This past Sunday was a blast! It was the 1pm-5pm Fox Valley rehearsal, and it was amazing playing in a full orchestra setting. (I also auditioned and got second chair second violin!) When we played the Tchaik Symphony No. 2 Finale, there were some awesome crash cymbals that lead to loud brass I heard while furiously playing my fast sixteenth notes. And a tam-tam (that sounds to me like the gong at Stir Crazy) part at the very end of the recapitulation right before the crazy-fast coda sounded amazing. All in all, I learned about some new percussion parts to put in my symphony (and future compositions, of course!). The Bach Sheep May Safely Graze, arranged for full orchestra, was pretty, but the Giannini Symphony No. 2 (not a common piece) was spooky, literally played completely at ff, and awesome! It sounded NOTHING like I thought it would when I was practicing on my own. Unfortunately, all during rehearsal I was feeling not too well, and by the time Monday rolled around I had to stay home sick, so I didn't get to play in the concert Monday night. :( The rehearsal I did get to go to was still fun, and I learned a lot. Our conductor told us when we see 'expressively' written in our music, it means, to us as string players, play with vibrato. :)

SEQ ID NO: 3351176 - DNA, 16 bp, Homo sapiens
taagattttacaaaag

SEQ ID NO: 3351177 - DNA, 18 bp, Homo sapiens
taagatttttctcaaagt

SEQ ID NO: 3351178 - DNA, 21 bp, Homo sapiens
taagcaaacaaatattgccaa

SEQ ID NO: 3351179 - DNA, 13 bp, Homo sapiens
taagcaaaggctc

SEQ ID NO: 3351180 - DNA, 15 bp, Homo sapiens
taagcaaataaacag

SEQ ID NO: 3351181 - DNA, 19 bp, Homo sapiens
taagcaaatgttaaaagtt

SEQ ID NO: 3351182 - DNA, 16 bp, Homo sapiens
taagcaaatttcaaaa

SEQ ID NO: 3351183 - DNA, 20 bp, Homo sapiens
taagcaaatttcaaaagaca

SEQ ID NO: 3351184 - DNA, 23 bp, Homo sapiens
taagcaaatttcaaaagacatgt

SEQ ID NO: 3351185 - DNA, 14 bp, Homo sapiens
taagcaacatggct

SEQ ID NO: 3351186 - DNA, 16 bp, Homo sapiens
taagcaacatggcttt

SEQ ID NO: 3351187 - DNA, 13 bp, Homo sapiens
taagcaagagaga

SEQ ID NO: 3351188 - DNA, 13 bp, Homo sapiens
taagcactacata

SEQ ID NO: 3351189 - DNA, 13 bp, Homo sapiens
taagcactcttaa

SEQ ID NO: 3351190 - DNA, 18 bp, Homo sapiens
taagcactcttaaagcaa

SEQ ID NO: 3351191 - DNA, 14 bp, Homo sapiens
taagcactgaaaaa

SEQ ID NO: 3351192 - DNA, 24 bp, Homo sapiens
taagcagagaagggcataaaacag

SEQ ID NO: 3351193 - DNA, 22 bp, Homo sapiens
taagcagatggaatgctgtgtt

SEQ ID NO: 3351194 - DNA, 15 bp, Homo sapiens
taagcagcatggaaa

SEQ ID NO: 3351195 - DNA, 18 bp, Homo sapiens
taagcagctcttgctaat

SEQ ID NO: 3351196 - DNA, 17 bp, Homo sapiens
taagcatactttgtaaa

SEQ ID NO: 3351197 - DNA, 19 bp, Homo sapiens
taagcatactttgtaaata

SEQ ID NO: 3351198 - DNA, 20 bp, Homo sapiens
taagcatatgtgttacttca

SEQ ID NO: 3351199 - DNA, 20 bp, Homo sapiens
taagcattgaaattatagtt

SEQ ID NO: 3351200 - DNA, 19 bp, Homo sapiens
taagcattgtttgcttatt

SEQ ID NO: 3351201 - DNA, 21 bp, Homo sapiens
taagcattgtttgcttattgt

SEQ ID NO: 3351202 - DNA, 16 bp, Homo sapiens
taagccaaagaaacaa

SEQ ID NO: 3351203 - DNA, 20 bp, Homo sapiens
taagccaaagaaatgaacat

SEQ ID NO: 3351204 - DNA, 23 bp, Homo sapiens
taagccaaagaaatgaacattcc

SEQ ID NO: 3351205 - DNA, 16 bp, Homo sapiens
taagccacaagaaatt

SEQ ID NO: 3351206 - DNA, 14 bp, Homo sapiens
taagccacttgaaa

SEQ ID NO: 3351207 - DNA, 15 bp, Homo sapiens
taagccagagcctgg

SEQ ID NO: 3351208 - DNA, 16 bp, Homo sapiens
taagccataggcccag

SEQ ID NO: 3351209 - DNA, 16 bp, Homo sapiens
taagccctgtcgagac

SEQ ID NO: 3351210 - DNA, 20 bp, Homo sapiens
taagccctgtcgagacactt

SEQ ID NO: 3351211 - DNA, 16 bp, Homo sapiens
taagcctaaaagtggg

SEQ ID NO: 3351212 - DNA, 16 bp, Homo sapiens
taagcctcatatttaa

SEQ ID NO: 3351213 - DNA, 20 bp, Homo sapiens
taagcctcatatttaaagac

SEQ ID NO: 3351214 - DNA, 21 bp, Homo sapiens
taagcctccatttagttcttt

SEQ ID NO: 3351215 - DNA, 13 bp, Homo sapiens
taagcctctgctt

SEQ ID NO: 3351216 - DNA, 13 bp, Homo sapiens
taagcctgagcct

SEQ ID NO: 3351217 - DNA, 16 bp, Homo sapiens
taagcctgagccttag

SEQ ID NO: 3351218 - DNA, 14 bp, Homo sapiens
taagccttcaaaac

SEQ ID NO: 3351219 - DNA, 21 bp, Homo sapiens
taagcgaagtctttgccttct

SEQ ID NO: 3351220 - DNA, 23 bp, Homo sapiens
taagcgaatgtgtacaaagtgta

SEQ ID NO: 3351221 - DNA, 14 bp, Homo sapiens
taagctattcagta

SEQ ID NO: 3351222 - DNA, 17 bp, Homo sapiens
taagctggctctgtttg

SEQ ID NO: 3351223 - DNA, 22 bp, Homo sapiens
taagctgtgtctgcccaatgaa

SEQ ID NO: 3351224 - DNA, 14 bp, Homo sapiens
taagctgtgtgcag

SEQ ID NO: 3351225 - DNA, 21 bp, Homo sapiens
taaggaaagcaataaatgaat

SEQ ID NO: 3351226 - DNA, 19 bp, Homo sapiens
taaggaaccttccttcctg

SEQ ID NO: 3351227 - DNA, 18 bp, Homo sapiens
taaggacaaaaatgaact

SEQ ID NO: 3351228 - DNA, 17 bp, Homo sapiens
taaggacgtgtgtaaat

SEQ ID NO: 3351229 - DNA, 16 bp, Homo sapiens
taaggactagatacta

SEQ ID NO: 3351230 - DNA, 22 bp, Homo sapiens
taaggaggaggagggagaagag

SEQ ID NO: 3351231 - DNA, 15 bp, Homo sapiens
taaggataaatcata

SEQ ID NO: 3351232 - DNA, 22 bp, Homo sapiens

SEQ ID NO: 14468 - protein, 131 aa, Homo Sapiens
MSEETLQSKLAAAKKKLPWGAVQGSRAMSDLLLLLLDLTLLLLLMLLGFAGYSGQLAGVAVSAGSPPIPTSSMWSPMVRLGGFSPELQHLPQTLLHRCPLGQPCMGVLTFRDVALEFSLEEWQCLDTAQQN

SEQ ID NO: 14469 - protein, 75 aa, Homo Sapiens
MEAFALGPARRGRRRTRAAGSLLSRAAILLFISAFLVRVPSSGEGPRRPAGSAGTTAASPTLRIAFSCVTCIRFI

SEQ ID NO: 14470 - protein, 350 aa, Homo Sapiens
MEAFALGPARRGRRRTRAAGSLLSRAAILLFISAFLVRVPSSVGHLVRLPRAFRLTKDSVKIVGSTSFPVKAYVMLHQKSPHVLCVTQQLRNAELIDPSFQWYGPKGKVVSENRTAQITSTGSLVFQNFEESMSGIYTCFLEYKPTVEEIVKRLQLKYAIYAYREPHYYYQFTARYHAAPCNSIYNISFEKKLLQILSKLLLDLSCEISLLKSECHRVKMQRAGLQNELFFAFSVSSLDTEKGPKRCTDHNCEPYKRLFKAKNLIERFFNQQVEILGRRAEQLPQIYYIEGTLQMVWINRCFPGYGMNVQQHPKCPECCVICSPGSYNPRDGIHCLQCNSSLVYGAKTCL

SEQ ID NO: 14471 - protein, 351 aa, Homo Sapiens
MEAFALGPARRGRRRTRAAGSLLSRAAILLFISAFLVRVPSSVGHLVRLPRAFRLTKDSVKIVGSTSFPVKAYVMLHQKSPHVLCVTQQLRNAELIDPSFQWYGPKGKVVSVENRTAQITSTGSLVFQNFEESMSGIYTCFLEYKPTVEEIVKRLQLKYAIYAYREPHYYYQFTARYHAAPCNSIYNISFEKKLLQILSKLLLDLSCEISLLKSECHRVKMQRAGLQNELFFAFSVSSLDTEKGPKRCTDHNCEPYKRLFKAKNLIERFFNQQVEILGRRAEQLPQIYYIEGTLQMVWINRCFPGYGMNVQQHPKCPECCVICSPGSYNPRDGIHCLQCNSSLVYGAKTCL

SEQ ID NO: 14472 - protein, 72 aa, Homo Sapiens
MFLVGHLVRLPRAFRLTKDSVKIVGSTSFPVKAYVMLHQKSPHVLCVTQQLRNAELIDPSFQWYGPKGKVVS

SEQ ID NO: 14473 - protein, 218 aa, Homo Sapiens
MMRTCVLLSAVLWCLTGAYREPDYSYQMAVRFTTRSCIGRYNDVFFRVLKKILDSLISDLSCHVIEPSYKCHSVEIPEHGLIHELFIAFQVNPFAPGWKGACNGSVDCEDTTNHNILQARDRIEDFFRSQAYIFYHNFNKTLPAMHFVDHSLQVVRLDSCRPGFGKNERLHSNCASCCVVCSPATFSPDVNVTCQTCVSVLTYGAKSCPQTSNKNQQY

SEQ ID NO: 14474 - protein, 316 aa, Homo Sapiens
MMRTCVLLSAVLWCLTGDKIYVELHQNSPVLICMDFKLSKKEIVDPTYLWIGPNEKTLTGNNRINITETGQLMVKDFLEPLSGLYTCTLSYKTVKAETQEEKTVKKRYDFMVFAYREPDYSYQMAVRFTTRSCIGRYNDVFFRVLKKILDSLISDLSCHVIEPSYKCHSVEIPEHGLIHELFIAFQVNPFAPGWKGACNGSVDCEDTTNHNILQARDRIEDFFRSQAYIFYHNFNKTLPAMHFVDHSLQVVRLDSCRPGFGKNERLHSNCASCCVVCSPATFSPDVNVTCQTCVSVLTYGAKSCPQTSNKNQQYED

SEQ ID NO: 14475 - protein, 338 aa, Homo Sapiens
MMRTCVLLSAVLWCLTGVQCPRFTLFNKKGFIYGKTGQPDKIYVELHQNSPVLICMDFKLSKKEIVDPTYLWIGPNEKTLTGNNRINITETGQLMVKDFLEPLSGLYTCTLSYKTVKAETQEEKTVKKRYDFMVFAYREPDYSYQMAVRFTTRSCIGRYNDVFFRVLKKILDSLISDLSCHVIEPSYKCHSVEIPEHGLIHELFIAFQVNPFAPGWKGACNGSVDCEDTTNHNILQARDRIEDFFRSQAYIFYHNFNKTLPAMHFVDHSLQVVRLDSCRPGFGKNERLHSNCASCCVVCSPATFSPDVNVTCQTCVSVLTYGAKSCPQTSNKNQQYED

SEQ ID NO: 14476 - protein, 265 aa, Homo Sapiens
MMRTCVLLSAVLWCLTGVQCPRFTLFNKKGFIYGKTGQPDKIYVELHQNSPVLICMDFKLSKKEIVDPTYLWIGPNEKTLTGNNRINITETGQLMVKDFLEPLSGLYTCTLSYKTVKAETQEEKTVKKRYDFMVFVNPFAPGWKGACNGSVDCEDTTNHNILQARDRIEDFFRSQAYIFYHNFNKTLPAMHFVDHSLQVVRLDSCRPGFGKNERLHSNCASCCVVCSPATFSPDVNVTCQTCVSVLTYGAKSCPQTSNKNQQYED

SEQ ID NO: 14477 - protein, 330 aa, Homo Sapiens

Two days ago, at 1pm, I went outside and walked to a lake. Essentially, it's a lake with a trail around it. I found a picnic table, grabbedy blank sheet music, and set to work. I was writing (or beginning) another symphony, for different instruments (just slightly), and a different key. I call it "The Mourning Dove." It's quite interesting what working outside does for you. Birds chirping, people walking yipping dogs. It feels so wonderful to work on music outside in the fresh air. When this movement of my symphony is done (probably very end of May, as I am turning it in as my final composition for Music Theory), I'll put it on YouTube and send a link.
Also, in just two days from now is the first five-hour rehearsal for Fox Valley! About 100 musicians, and my first time playing in a 'legit' full orchestra. I'm so excited! Should I wear earplugs? I'm second violin and may sit close to the brass! Depending on where I sit... :)
Once, in Middle-Earth, four Hobbits gathered in the forest near the Shire, long before Bilbo's time. The morning birds sung, and the Hobbits began to think about the music that existed. Rohan had their fanfare of brass, and flutes were being created in other places of Middle-Earth. The Shire needed a musical instrument to represent them, but not one where blowing was required. Although those were cool instruments, they were loud, and required force of the breath. Singing was out almost immediately because of this. What sounds could be created without blowing?